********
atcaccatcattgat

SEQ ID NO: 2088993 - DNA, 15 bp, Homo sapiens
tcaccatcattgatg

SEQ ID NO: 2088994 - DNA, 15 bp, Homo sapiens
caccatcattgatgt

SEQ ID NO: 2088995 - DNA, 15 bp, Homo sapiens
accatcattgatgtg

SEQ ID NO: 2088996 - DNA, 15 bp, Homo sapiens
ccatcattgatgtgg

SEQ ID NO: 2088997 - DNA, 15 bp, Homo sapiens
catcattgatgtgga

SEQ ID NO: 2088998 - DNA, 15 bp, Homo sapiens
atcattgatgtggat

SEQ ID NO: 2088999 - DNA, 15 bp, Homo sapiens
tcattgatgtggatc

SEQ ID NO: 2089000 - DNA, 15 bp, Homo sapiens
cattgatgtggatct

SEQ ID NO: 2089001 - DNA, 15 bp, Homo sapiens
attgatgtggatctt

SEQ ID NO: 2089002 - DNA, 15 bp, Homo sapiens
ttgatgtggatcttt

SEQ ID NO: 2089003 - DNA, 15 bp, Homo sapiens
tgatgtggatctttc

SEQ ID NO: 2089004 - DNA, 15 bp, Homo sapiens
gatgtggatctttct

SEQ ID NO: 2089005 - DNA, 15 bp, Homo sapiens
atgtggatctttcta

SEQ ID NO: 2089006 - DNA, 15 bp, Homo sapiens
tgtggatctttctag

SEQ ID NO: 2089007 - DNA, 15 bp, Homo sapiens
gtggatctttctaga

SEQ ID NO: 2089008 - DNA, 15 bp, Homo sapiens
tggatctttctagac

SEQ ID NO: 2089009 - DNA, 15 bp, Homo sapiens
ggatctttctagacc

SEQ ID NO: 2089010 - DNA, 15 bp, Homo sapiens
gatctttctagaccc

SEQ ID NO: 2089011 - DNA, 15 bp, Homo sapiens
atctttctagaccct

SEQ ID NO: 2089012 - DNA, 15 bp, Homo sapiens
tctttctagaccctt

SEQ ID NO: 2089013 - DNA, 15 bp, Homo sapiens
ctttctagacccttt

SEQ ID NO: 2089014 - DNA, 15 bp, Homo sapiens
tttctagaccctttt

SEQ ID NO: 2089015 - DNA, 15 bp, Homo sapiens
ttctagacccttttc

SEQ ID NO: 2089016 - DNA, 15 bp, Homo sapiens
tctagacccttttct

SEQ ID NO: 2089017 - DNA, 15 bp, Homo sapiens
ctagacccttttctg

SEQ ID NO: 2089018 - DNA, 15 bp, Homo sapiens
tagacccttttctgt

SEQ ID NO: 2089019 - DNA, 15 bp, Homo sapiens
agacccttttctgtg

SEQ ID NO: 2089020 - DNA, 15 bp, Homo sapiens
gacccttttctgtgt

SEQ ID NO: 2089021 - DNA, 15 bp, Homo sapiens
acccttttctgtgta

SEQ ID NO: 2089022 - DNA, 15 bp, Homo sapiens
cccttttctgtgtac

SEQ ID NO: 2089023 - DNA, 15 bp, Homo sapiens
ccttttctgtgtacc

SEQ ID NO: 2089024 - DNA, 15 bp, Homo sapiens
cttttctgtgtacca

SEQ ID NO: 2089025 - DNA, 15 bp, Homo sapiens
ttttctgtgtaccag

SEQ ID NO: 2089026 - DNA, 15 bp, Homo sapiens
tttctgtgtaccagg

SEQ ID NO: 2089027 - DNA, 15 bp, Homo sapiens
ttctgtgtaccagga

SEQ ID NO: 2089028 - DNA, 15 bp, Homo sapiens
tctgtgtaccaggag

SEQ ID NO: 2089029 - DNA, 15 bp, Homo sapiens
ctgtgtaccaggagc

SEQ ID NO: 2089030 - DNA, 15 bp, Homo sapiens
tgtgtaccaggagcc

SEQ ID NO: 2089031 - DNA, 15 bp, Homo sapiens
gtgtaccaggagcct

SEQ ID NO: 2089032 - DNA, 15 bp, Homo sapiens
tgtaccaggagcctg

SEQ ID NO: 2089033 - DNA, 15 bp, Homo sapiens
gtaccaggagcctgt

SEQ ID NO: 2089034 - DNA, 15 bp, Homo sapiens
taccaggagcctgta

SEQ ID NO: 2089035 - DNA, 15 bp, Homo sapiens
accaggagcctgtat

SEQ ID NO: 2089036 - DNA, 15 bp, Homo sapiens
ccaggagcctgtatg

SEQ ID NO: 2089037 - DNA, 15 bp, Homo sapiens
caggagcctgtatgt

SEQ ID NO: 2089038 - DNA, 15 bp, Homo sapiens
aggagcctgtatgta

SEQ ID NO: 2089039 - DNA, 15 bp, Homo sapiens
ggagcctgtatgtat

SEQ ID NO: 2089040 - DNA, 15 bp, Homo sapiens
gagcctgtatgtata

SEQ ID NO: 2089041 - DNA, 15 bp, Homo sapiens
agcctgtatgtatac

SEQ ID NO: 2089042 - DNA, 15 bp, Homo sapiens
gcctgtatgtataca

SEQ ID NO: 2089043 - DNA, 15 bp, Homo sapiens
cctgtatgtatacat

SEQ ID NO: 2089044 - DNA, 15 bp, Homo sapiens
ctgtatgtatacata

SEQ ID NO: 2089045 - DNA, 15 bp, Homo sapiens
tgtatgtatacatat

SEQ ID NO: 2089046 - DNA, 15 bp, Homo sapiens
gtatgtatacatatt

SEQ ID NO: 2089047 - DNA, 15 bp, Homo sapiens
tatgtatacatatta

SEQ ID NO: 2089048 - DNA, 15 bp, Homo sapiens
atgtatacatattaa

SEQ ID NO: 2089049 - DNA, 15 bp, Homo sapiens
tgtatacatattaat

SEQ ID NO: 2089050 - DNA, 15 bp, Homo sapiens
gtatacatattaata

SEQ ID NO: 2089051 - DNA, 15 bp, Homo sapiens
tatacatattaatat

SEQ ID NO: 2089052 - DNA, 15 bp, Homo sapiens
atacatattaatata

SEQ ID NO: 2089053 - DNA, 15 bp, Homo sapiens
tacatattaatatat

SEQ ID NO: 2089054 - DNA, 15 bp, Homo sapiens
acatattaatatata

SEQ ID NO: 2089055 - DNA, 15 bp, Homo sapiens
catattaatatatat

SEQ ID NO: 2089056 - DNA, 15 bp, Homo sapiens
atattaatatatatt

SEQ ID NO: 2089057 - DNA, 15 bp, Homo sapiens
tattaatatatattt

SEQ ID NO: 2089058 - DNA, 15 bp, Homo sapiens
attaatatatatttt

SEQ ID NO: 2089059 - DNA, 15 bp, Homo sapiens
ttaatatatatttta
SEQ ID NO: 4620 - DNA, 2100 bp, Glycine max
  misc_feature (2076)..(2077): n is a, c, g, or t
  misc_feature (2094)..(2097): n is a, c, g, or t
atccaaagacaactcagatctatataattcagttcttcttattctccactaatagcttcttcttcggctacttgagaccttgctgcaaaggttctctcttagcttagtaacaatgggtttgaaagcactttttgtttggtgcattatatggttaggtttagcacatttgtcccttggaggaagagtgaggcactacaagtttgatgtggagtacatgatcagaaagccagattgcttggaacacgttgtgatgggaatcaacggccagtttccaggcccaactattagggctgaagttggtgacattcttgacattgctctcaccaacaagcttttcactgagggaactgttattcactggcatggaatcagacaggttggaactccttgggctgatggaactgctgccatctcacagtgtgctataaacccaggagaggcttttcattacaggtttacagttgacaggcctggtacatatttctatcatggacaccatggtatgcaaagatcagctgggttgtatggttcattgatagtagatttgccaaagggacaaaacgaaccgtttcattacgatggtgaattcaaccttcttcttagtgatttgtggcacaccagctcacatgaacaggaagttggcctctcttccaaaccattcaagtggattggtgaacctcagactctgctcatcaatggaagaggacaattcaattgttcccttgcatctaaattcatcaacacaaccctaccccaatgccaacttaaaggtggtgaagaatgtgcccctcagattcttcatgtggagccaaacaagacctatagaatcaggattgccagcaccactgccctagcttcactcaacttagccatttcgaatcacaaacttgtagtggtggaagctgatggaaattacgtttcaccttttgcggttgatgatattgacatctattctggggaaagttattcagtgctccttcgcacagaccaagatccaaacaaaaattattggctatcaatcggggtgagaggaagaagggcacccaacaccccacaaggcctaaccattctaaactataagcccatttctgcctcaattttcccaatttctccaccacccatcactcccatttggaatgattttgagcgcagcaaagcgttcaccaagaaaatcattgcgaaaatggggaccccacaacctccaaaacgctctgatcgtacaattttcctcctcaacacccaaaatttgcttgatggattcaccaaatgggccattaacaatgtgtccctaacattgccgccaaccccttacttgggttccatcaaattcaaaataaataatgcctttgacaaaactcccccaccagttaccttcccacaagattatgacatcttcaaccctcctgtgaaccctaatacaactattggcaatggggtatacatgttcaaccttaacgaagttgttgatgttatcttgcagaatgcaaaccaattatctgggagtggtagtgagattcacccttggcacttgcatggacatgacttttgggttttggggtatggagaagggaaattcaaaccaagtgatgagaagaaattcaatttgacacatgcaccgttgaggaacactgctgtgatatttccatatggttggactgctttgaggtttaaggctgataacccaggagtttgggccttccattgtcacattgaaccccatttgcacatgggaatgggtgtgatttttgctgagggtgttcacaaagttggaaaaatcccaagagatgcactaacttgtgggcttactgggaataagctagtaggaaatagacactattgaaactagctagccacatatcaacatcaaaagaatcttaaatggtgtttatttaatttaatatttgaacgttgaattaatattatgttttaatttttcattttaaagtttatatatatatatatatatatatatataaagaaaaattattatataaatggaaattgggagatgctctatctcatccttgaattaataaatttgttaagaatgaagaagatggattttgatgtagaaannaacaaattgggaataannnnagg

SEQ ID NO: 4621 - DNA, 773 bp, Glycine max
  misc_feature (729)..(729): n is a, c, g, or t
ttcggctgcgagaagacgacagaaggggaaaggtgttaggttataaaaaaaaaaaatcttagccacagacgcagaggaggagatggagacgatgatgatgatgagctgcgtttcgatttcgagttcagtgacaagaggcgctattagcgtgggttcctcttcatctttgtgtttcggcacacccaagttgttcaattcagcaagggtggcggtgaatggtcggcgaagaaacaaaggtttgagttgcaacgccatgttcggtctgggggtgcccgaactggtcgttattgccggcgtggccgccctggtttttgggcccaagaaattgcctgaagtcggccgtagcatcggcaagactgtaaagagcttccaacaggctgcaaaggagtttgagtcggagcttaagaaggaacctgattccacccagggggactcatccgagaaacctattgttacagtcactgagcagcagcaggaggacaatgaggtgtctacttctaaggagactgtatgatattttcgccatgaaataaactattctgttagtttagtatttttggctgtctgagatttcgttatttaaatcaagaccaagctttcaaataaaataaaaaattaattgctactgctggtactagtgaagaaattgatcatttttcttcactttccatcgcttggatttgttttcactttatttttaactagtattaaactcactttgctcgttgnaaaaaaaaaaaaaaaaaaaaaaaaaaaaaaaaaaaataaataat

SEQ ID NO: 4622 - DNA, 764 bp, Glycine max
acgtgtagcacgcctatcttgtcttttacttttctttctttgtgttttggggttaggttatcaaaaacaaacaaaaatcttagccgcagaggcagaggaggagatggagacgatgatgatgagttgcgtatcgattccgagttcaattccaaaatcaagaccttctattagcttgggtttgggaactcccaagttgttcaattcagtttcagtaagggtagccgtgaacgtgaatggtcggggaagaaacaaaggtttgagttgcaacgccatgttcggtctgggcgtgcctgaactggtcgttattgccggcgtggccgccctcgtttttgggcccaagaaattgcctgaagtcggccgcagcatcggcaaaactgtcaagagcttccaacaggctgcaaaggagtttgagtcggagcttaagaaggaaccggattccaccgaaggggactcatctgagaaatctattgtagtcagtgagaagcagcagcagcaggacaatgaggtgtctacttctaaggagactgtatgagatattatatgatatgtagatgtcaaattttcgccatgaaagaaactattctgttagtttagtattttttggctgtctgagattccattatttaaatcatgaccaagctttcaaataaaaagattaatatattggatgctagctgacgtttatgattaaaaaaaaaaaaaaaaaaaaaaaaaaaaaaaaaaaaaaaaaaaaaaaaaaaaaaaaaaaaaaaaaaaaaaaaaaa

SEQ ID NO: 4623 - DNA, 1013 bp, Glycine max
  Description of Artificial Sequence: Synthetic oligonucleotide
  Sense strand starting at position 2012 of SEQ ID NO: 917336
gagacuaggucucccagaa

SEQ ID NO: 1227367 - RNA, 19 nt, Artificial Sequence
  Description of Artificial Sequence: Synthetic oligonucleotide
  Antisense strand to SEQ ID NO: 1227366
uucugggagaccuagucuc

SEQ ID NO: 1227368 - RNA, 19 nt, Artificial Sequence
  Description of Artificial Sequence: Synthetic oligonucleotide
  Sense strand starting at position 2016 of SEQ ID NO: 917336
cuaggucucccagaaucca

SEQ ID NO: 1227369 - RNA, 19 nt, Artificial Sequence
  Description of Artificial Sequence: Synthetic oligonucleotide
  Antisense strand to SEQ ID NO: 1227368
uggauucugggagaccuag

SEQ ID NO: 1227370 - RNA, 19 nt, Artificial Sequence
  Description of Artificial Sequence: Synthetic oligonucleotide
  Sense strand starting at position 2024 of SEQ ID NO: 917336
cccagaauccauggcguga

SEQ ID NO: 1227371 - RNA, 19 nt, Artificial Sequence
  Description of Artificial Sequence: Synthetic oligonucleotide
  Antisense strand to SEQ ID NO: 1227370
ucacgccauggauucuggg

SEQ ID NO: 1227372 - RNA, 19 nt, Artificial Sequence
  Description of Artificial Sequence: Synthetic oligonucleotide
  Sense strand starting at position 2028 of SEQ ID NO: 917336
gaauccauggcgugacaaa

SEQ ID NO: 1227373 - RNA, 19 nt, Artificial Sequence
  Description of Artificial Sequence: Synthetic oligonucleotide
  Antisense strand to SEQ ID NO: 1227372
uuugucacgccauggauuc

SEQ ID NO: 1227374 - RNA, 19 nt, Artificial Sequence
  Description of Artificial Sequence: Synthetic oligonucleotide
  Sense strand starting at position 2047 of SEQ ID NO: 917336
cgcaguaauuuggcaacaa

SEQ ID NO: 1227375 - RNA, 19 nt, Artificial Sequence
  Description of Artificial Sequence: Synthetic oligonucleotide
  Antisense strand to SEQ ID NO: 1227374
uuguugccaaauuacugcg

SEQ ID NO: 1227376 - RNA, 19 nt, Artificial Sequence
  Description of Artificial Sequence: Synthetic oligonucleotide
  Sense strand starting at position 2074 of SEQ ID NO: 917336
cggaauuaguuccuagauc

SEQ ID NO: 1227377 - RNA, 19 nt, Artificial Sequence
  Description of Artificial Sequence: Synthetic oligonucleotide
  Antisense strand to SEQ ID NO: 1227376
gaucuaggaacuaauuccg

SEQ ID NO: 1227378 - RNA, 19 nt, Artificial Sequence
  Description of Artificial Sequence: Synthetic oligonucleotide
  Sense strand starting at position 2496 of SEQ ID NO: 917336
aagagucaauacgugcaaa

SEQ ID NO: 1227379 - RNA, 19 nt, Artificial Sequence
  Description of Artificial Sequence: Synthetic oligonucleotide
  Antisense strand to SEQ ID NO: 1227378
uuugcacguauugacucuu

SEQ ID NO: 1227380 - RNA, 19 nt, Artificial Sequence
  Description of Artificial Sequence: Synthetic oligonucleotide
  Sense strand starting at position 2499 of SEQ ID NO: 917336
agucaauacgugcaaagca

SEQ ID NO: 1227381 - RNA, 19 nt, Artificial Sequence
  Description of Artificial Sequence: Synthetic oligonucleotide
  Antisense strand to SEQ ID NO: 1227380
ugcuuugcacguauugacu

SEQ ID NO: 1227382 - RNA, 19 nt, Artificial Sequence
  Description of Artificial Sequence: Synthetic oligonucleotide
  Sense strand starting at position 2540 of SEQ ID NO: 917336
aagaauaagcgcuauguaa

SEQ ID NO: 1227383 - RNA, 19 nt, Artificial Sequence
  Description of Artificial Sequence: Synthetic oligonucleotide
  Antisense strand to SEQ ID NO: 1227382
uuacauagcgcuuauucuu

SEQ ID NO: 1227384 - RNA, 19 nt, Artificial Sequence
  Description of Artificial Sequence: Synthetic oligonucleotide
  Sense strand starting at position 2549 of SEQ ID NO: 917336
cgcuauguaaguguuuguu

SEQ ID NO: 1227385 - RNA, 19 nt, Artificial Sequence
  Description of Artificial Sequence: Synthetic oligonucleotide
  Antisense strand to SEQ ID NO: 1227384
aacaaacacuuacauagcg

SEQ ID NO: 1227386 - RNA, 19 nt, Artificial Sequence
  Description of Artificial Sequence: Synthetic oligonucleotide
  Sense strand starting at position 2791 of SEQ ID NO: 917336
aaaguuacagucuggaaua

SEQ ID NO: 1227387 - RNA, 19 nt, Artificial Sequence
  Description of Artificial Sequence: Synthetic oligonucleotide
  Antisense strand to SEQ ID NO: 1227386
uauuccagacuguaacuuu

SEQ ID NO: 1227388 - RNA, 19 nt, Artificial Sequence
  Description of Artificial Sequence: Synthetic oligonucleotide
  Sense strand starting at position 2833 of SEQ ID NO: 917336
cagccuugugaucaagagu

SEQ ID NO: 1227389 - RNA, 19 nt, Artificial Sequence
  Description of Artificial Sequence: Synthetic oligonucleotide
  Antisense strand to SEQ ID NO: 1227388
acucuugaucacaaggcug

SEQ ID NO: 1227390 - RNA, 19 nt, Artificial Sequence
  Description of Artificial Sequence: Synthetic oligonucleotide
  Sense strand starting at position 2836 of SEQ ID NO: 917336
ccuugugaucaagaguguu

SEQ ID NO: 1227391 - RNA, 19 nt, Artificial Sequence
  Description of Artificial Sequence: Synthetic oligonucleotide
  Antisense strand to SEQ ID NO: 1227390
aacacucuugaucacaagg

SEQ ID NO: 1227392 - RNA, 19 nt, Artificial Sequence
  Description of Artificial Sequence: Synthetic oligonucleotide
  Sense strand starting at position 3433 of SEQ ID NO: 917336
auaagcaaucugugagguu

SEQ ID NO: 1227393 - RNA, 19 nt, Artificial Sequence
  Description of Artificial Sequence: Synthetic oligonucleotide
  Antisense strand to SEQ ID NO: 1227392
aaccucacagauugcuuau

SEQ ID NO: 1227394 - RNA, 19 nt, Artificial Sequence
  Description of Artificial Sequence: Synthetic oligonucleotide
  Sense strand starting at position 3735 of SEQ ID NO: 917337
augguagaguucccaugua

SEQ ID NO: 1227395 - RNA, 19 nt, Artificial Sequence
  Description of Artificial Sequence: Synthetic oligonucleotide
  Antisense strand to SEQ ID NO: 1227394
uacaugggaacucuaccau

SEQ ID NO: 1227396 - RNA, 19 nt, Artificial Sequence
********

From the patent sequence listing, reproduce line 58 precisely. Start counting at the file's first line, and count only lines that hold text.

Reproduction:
SEQ ID NO: 2089021 - DNA, 15 bp, Homo sapiens